3 alumni earn Power 100 awards

In Main Alumni Post, News by KHarrington

Nigel Alson

Leon Gatewood


SALISBURY – During a star-studded event, three Livingstone College alumni, including the current president, were honored among the Black Business Ink Power 100.

Livingstone President Dr. Anthony J. Davis; Livingstone College Board of Trustee member Nigel Alston; and Class of 1980’s Leon Gatewood, representing his nonprofit organization, each received the Power 100 Award on June 8 at the Steven Tanger Center for the Performing Arts in Greensboro.

The Power 100 list was comprised of honorees from 28 cities and towns throughout the state and included 90 individuals and 10 organizations. The honorees, selected based on nominations, were chosen because of their leadership and impact inside their organization, community or both, said Richard Williams, founder, publisher and chairman of Black Business Ink.

The event was in celebration of the 20th anniversary of Black Business Ink, a magazine dedicated to African-American businesses across the state.

Davis, the 13th president of Livingstone College, is the first alumnus in 25 years to lead the historically black college in Salisbury. Prior to his election as president, he served as senior vice president and chief operating officer of Livingstone, leading the college through the pandemic with extensive and efficient protocols that led the college to reopen before some of its peer institutions.

Davis is a foster care survivor and has designated Livingstone as the Center for Aging Out, offering educational opportunities for foster care students interested in attending college.

“Livingstone College has supported Black Business Ink since its inception as a premier medium of communications for black entrepreneurs and businesses, and we congratulate Richard Williams for his consistent professionalism in delivering a quality magazine each month,” said Davis. “We are also excited about his new publication, HBCU Matters, which lends voice to the powerful influence of historically black colleges in the nation.”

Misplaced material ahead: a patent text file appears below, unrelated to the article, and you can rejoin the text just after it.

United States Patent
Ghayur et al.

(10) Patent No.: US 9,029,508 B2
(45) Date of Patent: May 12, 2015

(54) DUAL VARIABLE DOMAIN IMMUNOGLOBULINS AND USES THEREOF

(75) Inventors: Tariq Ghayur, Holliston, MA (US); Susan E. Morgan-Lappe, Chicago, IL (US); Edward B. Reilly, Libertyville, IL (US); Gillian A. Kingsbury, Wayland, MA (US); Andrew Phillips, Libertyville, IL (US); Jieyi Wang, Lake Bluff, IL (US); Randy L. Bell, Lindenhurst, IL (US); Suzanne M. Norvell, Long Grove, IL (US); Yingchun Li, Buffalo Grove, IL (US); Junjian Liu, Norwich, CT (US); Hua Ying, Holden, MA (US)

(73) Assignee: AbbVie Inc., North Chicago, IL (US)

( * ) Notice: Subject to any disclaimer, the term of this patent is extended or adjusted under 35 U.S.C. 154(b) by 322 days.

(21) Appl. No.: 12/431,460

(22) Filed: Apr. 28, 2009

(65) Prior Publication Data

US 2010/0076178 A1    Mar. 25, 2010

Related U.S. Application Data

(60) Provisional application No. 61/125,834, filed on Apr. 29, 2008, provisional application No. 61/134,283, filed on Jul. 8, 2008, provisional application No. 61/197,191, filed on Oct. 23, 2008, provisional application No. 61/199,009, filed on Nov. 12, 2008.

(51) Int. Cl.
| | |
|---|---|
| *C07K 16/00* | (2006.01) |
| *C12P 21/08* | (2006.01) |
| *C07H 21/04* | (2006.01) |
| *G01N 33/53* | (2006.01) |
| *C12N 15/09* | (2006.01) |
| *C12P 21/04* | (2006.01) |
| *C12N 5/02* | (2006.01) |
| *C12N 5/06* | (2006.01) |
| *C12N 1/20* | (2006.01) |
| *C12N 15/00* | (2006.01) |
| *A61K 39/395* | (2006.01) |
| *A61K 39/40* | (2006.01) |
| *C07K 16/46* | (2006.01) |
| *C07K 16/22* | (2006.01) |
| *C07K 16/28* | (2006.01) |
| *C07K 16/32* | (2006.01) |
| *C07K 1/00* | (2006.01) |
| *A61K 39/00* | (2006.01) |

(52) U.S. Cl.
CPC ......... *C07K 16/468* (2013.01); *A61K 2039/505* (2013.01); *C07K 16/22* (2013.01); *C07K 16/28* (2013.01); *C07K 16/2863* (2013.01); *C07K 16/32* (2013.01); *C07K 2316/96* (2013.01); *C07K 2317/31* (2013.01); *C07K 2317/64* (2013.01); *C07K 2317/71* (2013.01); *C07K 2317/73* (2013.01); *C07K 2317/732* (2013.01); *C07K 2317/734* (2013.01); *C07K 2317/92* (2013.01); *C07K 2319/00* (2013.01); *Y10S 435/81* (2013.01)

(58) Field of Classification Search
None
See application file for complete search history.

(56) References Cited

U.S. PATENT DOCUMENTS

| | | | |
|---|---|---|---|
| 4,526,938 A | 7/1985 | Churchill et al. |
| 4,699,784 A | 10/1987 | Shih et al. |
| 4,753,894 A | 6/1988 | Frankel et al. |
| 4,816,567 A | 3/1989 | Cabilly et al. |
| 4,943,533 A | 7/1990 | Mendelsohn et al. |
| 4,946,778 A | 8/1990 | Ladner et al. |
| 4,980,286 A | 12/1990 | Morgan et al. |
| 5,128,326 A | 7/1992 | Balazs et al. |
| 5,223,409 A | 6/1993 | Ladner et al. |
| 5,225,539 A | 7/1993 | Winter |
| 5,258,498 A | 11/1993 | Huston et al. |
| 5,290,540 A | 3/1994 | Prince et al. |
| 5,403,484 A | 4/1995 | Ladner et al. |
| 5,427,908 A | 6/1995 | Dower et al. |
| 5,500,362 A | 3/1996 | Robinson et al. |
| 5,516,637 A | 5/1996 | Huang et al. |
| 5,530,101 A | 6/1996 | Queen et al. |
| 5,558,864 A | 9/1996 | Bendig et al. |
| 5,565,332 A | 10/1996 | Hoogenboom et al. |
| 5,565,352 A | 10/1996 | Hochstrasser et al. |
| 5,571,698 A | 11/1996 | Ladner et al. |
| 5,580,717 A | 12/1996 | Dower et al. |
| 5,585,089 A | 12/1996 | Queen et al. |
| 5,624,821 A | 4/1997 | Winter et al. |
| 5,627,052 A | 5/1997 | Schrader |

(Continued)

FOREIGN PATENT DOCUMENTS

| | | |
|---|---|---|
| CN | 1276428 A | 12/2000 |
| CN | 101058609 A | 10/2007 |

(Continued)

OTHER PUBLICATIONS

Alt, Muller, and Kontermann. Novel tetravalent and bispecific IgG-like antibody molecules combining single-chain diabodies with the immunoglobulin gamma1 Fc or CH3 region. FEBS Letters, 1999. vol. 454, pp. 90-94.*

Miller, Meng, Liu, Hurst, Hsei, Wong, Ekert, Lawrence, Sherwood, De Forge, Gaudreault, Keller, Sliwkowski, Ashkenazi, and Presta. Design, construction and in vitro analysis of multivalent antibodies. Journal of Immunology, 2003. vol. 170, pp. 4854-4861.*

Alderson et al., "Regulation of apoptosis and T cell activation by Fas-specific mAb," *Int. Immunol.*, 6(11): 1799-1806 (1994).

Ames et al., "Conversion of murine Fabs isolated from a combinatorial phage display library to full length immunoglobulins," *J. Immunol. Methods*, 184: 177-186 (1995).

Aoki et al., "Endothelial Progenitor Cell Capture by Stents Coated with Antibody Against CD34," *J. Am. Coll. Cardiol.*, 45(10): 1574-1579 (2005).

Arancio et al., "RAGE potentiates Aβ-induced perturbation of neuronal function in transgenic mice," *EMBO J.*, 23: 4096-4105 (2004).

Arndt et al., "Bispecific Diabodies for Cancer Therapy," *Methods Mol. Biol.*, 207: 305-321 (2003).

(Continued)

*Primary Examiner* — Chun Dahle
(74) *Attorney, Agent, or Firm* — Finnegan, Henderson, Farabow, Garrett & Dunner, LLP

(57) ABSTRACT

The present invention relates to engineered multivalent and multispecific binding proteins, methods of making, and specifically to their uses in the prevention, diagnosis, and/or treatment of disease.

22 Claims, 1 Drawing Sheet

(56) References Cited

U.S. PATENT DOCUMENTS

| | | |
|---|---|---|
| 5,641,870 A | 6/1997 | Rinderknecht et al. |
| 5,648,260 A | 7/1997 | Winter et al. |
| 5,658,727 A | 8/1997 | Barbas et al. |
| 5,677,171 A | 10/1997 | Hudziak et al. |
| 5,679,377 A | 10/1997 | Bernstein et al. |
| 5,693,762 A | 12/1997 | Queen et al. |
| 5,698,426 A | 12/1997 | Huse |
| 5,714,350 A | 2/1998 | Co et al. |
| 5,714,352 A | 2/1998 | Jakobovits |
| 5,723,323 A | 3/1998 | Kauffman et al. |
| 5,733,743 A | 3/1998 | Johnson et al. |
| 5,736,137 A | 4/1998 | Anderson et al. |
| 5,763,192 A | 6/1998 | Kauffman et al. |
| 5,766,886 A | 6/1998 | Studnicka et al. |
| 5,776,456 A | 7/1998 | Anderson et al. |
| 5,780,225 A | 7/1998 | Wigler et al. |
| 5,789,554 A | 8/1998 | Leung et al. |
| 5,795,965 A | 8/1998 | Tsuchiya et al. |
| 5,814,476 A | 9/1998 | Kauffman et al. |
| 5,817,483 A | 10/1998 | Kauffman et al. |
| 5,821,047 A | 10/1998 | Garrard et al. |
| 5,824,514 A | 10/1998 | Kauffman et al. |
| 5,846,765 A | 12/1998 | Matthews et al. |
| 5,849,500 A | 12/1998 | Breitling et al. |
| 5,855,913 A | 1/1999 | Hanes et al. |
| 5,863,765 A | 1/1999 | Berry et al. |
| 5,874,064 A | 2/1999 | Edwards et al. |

Alston is a motivational speaker, Dale Carnegie trainer, meeting facilitator, retreat leader and columnist. He serves as the executive director of the North Carolina Black Repertory Company, producers of the National Black Theatre Festival in Winston-Salem.

In 2002, he received the Emory O. Jackson Best Column writing award from the National Newspaper Publishers Association for his column written on September 11, 2001: Today, I Cried.

Gatewood is the founder and CEO of HOLLA! (Helping Our Loved ones Learn and Achieve) of Anson County, NC. The organization is a grassroots organization founded in 2005 in Anson County to address low achievement among black males in its local school system.

Its vision was inspired by the story of the mighty Maasai Tribe of East Africa. The elders of the tribe are known for asking themselves at the start of each day, “And how are the children?” Services include mentoring/tutoring, a tennis program, annual summer camps, youth advocacy and theater arts.

The State of Black North Carolina Conference was first held in 2003 in Winston-Salem and is usually a two or three-day event. This year, the conference was fused into the one-day Power 100 20th Anniversary Awards Ceremony.

Among the honorees were Gene A. Woods, president and CEO of Atrium Health; Billy Williams, vice president of Food Lion LLC; Fred Whitfield, COO of the Charlotte Hornets; Dr. Harold Martin, chancellor of A&T State University; Dr. Elwood Robinson, chancellor of Winston-Salem State University; the Hon. Henry Frye, retired Chief Justice of the N.C. Supreme Court, and his wife Shirley Frye, High Point University Board of Trustees; and various judges, pastors and business leaders.